Shiny new archives? On the politics, history, and ethics of archives under the condition of big data

With some vigour, American artist and information studies scholar Johanna Drucker clarifies: ‘the notion of data as “given” and thus self-evident is patently false – all data are constructed’ [Visualization, 563]. Since data are not just given, the questions then are who produces data, who decides what data are stored, maintained, and deleted, who profits and who is discriminated in and through data sets? The glossary Uncertain archives: Critical keywords for big data (2021) sets out to tackle these questions.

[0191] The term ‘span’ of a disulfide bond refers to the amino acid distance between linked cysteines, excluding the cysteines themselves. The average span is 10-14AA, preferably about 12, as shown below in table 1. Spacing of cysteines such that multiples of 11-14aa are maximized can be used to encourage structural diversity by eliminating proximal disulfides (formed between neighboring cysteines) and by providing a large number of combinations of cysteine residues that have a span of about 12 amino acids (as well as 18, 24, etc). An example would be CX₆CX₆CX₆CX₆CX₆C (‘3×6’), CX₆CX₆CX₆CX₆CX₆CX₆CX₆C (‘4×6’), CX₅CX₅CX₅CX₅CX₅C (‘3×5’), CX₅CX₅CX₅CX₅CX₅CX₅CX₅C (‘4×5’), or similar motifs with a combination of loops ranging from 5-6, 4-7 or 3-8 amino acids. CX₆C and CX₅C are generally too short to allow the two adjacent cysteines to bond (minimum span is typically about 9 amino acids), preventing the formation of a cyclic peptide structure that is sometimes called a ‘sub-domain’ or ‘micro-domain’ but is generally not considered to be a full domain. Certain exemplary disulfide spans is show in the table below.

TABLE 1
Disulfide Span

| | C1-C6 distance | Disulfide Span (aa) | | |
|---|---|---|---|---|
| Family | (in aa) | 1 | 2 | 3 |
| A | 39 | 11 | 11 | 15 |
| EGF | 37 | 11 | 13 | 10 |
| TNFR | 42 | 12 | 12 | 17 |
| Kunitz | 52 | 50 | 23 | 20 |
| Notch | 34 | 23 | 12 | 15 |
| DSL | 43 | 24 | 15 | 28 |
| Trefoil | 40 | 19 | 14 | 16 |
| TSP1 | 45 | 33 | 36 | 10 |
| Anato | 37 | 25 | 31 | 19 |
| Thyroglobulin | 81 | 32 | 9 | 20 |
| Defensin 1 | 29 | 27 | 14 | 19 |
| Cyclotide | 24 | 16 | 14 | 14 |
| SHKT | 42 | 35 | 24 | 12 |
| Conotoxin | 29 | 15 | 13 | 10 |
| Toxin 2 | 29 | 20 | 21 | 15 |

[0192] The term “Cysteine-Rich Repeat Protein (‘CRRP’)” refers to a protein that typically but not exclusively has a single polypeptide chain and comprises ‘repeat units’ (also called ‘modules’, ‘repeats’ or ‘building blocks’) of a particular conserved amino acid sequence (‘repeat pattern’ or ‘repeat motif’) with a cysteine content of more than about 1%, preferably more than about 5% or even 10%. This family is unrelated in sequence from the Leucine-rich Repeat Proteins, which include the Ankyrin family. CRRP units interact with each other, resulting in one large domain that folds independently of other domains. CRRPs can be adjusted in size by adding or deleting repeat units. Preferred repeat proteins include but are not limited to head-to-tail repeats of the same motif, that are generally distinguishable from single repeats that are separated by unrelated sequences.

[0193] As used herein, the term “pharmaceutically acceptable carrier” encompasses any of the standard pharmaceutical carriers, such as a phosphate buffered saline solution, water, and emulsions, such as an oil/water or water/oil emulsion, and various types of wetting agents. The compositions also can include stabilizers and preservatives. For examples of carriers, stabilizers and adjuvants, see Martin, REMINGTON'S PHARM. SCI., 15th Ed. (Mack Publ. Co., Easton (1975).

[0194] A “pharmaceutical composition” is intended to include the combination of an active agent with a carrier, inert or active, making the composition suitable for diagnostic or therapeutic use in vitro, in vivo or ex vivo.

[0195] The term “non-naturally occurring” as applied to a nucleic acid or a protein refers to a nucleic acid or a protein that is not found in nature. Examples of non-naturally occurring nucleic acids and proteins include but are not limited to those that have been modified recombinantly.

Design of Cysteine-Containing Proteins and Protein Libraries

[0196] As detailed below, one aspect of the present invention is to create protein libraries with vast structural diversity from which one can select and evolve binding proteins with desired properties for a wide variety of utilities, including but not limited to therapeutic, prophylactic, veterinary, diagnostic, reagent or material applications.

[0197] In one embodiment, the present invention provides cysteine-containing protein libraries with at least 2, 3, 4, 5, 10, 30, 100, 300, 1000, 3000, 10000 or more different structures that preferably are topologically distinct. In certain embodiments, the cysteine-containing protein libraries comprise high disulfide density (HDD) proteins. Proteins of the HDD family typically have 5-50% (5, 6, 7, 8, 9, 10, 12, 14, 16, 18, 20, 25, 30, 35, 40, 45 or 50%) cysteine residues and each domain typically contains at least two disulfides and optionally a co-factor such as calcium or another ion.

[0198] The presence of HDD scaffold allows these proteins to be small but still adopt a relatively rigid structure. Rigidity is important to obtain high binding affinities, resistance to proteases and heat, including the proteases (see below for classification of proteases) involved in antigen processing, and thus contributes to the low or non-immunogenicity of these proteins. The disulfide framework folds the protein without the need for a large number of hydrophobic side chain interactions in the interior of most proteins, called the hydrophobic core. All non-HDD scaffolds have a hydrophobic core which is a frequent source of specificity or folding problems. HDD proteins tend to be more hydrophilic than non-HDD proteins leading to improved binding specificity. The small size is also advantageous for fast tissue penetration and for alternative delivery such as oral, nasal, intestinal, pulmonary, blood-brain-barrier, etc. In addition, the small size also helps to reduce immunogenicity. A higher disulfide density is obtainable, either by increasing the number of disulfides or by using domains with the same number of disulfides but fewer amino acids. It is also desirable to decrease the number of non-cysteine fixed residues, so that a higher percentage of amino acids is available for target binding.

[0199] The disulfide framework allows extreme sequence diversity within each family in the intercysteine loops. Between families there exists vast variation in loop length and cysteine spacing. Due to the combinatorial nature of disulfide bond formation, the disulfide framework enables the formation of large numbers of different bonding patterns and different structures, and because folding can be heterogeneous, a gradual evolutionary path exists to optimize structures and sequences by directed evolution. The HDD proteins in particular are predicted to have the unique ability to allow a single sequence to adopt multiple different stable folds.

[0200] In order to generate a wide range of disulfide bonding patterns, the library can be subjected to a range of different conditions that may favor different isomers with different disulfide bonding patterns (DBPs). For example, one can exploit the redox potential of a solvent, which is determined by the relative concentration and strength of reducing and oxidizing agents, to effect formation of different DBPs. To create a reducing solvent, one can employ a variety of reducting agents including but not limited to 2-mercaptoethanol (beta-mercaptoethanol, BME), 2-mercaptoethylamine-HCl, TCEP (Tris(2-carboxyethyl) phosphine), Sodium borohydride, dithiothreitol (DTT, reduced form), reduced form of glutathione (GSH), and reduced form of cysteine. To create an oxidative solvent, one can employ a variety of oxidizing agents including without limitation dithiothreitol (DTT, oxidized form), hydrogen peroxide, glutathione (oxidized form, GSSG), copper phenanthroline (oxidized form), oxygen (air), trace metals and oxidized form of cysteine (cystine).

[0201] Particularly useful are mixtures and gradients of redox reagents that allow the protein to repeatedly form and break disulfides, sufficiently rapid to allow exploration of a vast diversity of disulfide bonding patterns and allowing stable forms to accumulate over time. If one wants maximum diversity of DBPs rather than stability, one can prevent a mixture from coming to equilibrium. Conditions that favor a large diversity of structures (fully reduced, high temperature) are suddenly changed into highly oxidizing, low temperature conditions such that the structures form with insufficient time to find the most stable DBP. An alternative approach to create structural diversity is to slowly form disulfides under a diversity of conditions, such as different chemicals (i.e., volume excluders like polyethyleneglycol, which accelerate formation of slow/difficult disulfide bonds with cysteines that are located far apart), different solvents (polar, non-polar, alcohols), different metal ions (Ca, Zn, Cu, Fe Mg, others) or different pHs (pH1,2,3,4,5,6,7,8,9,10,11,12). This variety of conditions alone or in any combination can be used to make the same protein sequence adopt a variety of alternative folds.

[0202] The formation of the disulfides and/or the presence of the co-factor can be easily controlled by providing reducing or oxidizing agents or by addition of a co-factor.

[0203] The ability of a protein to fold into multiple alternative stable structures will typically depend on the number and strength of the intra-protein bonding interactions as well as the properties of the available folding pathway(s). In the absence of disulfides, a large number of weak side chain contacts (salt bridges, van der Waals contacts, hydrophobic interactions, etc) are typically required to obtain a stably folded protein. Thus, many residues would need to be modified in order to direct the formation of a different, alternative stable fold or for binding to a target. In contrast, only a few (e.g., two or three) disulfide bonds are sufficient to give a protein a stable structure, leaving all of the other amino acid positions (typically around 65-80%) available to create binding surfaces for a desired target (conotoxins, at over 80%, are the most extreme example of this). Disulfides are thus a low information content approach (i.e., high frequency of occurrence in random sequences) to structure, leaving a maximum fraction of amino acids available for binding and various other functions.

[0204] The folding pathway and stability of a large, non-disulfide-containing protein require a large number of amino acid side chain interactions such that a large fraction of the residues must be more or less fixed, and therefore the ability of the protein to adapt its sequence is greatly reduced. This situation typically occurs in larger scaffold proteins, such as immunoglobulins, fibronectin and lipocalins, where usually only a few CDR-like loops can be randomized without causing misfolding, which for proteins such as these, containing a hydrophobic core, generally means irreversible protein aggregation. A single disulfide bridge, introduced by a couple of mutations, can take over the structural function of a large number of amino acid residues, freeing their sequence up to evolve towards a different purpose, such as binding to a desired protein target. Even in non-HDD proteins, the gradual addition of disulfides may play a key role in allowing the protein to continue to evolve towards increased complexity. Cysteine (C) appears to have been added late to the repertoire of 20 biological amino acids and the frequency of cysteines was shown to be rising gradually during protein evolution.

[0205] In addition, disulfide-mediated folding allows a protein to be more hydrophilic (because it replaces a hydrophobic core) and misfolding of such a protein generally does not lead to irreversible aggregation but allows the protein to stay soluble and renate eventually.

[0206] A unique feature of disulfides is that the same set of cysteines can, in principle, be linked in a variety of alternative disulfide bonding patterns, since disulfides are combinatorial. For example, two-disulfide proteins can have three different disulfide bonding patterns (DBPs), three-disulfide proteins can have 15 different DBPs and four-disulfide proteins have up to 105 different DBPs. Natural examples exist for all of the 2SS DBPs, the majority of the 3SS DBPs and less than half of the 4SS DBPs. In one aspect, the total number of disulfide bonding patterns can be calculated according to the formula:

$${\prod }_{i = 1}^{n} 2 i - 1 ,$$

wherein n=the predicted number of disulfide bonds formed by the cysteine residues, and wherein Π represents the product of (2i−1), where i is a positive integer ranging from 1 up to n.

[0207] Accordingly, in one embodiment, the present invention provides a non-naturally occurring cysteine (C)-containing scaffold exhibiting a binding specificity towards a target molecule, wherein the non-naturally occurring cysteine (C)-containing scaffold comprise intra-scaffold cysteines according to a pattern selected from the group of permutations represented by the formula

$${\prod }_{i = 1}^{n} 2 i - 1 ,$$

Could we imagine an argument that would scrutinize both the organized world and the organization of our discourses about it? Such would be neither empirical nor theoretical (as these terms are conventionally understood), neither comprehensive nor focused on a single source. Each of the exhibits that we have assembled in this issue might go somewhat toward showing how this might be possible. If it is. But this task does not imply an innocent dreaming (perhaps in the warmth of one’s bed). Instead it involves a doing, a taking out of the house. A demonstrating. A showing.

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